The Cards The most common deck contains 24 cards; Nine, Ten, Jack, Queen, King and Ace of Clubs, Diamonds, Hearts and Spades (six "ranks" of four "suits").
TRUMP Trump is the strongest suit; it could be Clubs, Diamonds, Hearts or Spades . The trump suit is determined during the bidding process. If, for example, Spades are trump during a hand, the nine of Spades (the lowest trump card) beats any Heart, Club or Diamond (excluding "left bower" which is explained below).
The Deal After shuffling the cards, the dealer deals them out two or three at a time to all of the players including himself, starting to his left, until all four players have five cards. There will be four cards remaining undealt. At this point, the dealer will turn up the top card of the remaining four (called the "upcard") which will become a proposed trump suit. If the suit of the upcard is declared trump by anyone during the first round of bidding, the dealer must pick up the upcard and discard one face down (the dealer gets the card no matter which team orders it up). The three cards remaining below the upcard (known as the "kitty") must never be seen by any of the players during the hand.
Bidding (round one): After the cards are dealt, the player sitting just left of the dealer is the first player to decide whether or not the suit of the upcard becomes trump. The player says "pick it up" to the dealer if he thinks he and his partner can do well with that suit, orsays "pass" and the decision goes on to the next player to his left. As long as the bid is passed, the next player to the left has the same options of picking up or passing. At any time a suit is declared trump, the bidding is over and the play begins. If the first three players all pass (meaning that none of them want to make the suit of the upcard trump), the dealer has his turn to either pick-up the upcard himself, declaring it trump, orto turn it over and start a second round of bidding.
Bidding (round two): During the second time around, the players can make any of the three remaining suitstrump (not the same suit as the former upcard) or pass again. Once again, when someone declares a suit trump, the bidding is over and the play commences. The team who declares trump must win the majority (three) tricks to score. The declarer and his partner are considered the "makers". If they are not successful in taking at least three tricks, they are set, or "euchred" and the other team scores instead. If nobody calls a suit trump, dealer must declare a trump suit if nobody else does. Aka, "stick the dealer.”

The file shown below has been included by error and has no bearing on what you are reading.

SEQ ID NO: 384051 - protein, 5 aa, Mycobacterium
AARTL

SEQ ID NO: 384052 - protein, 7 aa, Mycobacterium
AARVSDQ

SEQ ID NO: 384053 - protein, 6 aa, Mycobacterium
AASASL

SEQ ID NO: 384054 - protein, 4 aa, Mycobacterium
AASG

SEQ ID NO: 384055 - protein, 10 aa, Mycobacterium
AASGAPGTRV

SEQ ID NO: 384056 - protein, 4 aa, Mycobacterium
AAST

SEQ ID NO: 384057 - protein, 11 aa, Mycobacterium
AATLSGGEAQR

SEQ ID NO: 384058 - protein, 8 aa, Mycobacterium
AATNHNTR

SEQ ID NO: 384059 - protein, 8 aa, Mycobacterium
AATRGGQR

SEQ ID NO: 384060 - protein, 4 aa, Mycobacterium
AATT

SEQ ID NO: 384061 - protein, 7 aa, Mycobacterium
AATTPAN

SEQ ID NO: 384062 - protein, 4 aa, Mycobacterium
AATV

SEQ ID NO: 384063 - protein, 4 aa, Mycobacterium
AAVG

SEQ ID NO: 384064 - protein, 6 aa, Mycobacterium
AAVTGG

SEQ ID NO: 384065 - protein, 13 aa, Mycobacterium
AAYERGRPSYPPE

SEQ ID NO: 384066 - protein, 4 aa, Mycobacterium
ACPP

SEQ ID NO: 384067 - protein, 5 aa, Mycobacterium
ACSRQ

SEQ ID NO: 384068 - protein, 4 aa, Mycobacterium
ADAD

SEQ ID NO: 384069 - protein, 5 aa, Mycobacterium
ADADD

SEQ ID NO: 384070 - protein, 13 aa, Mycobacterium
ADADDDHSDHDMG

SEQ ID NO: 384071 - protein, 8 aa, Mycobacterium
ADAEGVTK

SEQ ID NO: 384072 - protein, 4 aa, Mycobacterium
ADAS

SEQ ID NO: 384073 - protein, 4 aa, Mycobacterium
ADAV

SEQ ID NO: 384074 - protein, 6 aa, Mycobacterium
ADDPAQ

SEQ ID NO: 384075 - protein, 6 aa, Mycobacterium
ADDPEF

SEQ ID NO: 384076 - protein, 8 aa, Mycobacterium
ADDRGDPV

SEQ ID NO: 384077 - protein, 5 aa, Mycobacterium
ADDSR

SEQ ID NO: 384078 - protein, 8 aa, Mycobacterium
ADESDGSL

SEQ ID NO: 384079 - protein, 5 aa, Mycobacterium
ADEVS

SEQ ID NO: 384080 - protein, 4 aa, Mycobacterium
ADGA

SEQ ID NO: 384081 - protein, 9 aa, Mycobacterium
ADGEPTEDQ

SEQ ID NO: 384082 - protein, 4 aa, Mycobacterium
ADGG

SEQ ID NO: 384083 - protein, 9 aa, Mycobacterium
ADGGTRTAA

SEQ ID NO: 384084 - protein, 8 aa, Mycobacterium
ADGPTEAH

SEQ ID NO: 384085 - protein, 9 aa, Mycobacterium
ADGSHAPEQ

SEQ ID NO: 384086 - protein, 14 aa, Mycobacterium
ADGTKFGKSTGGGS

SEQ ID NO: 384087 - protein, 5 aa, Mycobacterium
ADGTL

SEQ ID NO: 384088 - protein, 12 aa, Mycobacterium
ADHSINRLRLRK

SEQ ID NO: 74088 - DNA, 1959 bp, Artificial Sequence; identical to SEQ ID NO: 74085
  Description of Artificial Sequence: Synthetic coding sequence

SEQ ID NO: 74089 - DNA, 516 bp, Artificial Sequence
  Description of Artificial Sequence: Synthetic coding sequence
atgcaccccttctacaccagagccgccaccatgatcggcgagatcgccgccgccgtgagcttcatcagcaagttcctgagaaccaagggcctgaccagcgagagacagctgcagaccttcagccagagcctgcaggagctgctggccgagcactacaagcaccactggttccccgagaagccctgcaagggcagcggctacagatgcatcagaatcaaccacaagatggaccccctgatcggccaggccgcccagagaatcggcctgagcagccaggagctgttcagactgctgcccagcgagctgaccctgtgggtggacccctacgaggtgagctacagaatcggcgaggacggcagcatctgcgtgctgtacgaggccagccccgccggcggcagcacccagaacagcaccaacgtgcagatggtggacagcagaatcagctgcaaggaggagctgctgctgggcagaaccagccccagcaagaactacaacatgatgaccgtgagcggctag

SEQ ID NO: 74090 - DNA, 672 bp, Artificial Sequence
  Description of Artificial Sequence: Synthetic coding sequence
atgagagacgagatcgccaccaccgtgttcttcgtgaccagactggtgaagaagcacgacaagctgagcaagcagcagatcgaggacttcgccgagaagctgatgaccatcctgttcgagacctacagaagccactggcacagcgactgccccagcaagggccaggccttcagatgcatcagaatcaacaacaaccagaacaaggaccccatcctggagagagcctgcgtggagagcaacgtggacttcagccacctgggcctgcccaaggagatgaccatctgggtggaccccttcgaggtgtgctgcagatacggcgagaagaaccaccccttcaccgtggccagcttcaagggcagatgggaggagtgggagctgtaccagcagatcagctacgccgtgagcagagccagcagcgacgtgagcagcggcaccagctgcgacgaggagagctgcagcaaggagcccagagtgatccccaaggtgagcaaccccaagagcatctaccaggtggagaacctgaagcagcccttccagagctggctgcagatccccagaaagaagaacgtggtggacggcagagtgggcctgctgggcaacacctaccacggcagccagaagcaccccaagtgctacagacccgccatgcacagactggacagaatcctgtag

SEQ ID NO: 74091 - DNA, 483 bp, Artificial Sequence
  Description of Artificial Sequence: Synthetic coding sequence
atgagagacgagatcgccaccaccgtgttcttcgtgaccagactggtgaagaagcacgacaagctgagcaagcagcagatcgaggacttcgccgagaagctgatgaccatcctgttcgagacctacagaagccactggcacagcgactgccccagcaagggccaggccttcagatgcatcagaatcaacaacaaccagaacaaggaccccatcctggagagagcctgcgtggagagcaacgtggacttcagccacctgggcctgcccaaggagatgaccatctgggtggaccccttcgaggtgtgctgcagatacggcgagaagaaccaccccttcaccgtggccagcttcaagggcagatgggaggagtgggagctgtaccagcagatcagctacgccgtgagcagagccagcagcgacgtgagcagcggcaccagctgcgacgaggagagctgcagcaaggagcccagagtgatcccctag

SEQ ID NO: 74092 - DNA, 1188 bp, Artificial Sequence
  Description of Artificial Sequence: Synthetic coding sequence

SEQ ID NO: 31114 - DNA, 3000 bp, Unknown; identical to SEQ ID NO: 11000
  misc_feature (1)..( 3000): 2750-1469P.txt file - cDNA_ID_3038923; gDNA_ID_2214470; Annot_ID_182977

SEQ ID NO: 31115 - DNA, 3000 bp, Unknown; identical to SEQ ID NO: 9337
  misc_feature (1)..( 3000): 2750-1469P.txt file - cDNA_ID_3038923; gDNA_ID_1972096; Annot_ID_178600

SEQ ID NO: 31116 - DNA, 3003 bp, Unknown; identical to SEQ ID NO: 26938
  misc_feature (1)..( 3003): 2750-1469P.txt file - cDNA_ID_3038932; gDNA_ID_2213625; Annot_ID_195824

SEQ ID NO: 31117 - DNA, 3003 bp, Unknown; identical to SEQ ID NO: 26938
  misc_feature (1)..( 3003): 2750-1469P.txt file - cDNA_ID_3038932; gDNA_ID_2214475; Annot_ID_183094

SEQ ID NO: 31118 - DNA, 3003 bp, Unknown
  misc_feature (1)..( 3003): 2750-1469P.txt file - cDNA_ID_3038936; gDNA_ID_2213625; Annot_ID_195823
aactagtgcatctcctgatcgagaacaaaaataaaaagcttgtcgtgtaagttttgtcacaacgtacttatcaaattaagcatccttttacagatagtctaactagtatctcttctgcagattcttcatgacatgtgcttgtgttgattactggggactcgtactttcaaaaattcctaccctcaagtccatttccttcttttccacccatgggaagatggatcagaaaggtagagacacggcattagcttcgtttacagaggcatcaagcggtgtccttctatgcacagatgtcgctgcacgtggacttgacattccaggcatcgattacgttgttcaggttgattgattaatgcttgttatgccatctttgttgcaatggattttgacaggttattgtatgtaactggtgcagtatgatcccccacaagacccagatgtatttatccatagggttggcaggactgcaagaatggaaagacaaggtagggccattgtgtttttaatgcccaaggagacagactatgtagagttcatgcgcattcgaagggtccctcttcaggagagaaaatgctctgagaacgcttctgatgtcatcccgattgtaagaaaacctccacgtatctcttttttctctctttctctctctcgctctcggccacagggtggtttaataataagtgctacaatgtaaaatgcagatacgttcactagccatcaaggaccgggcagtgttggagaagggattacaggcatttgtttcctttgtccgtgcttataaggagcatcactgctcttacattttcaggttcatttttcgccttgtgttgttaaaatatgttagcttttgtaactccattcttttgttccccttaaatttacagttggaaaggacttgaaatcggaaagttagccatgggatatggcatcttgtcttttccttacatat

Scoring: When a partnership declares a suit trump, they must win 3 or 4 tricks in order to score one point. If the makers win all five tricks (called a "march" or a "sweep") they score two. If the team that called trump does not win at least 3 tricks, they are said to be "euchred", thus the other team scores two points. When a player feels that their hand is strong enough to win all of the tricks by themselves, they can call "alone" and play the hand without their partner. If they successfully win all five tricks, their team scores four points. A lone attempt that wins 3 or 4 tricks scores one point and a lone bid that fails to take at least 3 tricks, it is euchred and the other team scores two.
The Play The player closest to the left of the dealer always leads first by pitching a card out into the center of the table. The play follows clockwise. Whatever suit is "led" must be "followed" by every player who has one. In other words, if the first card played is a heart, everyone with a heart in their hand must play one. A player who does not have a card of the suit that is led may play a trump card ("ruffs it") or play any off-suit he wishes ("sloughs"). The trump suit beats all others. The trick is collected by the winning team and the player who won the last trick leads next. It is important to note that when a player fails to follow the lead suit when he in fact has a card of that suit, he is guilty of "reneging", a penalty of two points are scored for the opposing team.
Beware of the Left Bower… The Left Bower often doesn't register to the beginner as a trump card because it simply doesn't look like one. Quite often a new player will play it incorrectly. Special attention should be paid to the left bower to avoid costly mistakes. Here are some steps that I believe could help you as a newcomer to euchre; 1.) Whenever a Jack is led by anyone, take note of it's color. If it is the same color as trump, it is in fact a trump lead. If you have any trump in you hand, you must now play it. Example; Clubs are trump, Jack of Spades leads. You must play a Club. 2.) If a trump card is led and you hold a Jack, check it's color. If it is the same color as trump, it is the Left Bower. If it is the only trump you have, you must play it. 3.) Assuming Hearts are trump in this example; If a Diamond is led and the only red card in your hand is the Jack of Diamonds, you should know that it is not mandatory that you play it. The Jack is the Left Bower and is only forced out with a Heart lead. It's your option to play it, but only if you want to.